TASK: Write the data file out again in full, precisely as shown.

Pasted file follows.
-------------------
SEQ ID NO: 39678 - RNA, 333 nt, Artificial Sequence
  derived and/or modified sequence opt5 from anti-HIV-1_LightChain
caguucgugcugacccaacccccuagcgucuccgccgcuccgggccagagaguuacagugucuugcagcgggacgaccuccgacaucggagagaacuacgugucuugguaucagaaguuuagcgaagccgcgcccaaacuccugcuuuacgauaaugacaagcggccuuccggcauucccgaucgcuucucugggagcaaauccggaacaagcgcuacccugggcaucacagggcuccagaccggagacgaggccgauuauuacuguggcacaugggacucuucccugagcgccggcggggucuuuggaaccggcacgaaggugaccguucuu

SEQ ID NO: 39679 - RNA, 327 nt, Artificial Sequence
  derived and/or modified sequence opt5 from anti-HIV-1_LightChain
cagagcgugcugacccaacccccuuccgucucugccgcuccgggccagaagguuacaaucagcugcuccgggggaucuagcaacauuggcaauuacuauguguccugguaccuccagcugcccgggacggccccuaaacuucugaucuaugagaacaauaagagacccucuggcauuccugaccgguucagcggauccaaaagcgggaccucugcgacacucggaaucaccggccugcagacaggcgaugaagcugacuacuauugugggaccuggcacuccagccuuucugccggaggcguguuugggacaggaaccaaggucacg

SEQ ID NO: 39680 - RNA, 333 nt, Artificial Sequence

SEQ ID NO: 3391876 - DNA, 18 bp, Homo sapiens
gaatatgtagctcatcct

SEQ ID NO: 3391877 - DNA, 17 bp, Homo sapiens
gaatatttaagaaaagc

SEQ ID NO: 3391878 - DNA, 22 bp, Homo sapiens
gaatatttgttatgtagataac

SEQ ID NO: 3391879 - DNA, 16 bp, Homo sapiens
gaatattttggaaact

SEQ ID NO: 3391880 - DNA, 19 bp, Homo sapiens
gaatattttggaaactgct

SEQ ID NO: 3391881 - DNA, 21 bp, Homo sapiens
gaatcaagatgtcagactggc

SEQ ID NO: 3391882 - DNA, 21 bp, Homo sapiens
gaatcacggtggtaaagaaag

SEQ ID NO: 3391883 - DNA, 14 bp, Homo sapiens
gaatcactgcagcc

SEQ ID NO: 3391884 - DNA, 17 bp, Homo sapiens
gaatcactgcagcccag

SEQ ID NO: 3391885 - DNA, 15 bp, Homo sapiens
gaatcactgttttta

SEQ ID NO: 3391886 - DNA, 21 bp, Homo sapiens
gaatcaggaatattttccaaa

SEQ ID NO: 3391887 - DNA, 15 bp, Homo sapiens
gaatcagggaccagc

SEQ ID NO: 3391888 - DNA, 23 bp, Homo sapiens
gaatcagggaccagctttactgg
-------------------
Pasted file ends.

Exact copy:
SEQ ID NO: 39678 - RNA, 333 nt, Artificial Sequence
  derived and/or modified sequence opt5 from anti-HIV-1_LightChain
caguucgugcugacccaacccccuagcgucuccgccgcuccgggccagagaguuacagugucuugcagcgggacgaccuccgacaucggagagaacuacgugucuugguaucagaaguuuagcgaagccgcgcccaaacuccugcuuuacgauaaugacaagcggccuuccggcauucccgaucgcuucucugggagcaaauccggaacaagcgcuacccugggcaucacagggcuccagaccggagacgaggccgauuauuacuguggcacaugggacucuucccugagcgccggcggggucuuuggaaccggcacgaaggugaccguucuu

SEQ ID NO: 39679 - RNA, 327 nt, Artificial Sequence
  derived and/or modified sequence opt5 from anti-HIV-1_LightChain
cagagcgugcugacccaacccccuuccgucucugccgcuccgggccagaagguuacaaucagcugcuccgggggaucuagcaacauuggcaauuacuauguguccugguaccuccagcugcccgggacggccccuaaacuucugaucuaugagaacaauaagagacccucuggcauuccugaccgguucagcggauccaaaagcgggaccucugcgacacucggaaucaccggccugcagacaggcgaugaagcugacuacuauugugggaccuggcacuccagccuuucugccggaggcguguuugggacaggaaccaaggucacg

SEQ ID NO: 39680 - RNA, 333 nt, Artificial Sequence

SEQ ID NO: 3391876 - DNA, 18 bp, Homo sapiens
gaatatgtagctcatcct

SEQ ID NO: 3391877 - DNA, 17 bp, Homo sapiens
gaatatttaagaaaagc

SEQ ID NO: 3391878 - DNA, 22 bp, Homo sapiens
gaatatttgttatgtagataac

SEQ ID NO: 3391879 - DNA, 16 bp, Homo sapiens
gaatattttggaaact

SEQ ID NO: 3391880 - DNA, 19 bp, Homo sapiens
gaatattttggaaactgct

SEQ ID NO: 3391881 - DNA, 21 bp, Homo sapiens
gaatcaagatgtcagactggc

SEQ ID NO: 3391882 - DNA, 21 bp, Homo sapiens
gaatcacggtggtaaagaaag

SEQ ID NO: 3391883 - DNA, 14 bp, Homo sapiens
gaatcactgcagcc

SEQ ID NO: 3391884 - DNA, 17 bp, Homo sapiens
gaatcactgcagcccag

SEQ ID NO: 3391885 - DNA, 15 bp, Homo sapiens
gaatcactgttttta

SEQ ID NO: 3391886 - DNA, 21 bp, Homo sapiens
gaatcaggaatattttccaaa

SEQ ID NO: 3391887 - DNA, 15 bp, Homo sapiens
gaatcagggaccagc

SEQ ID NO: 3391888 - DNA, 23 bp, Homo sapiens
gaatcagggaccagctttactgg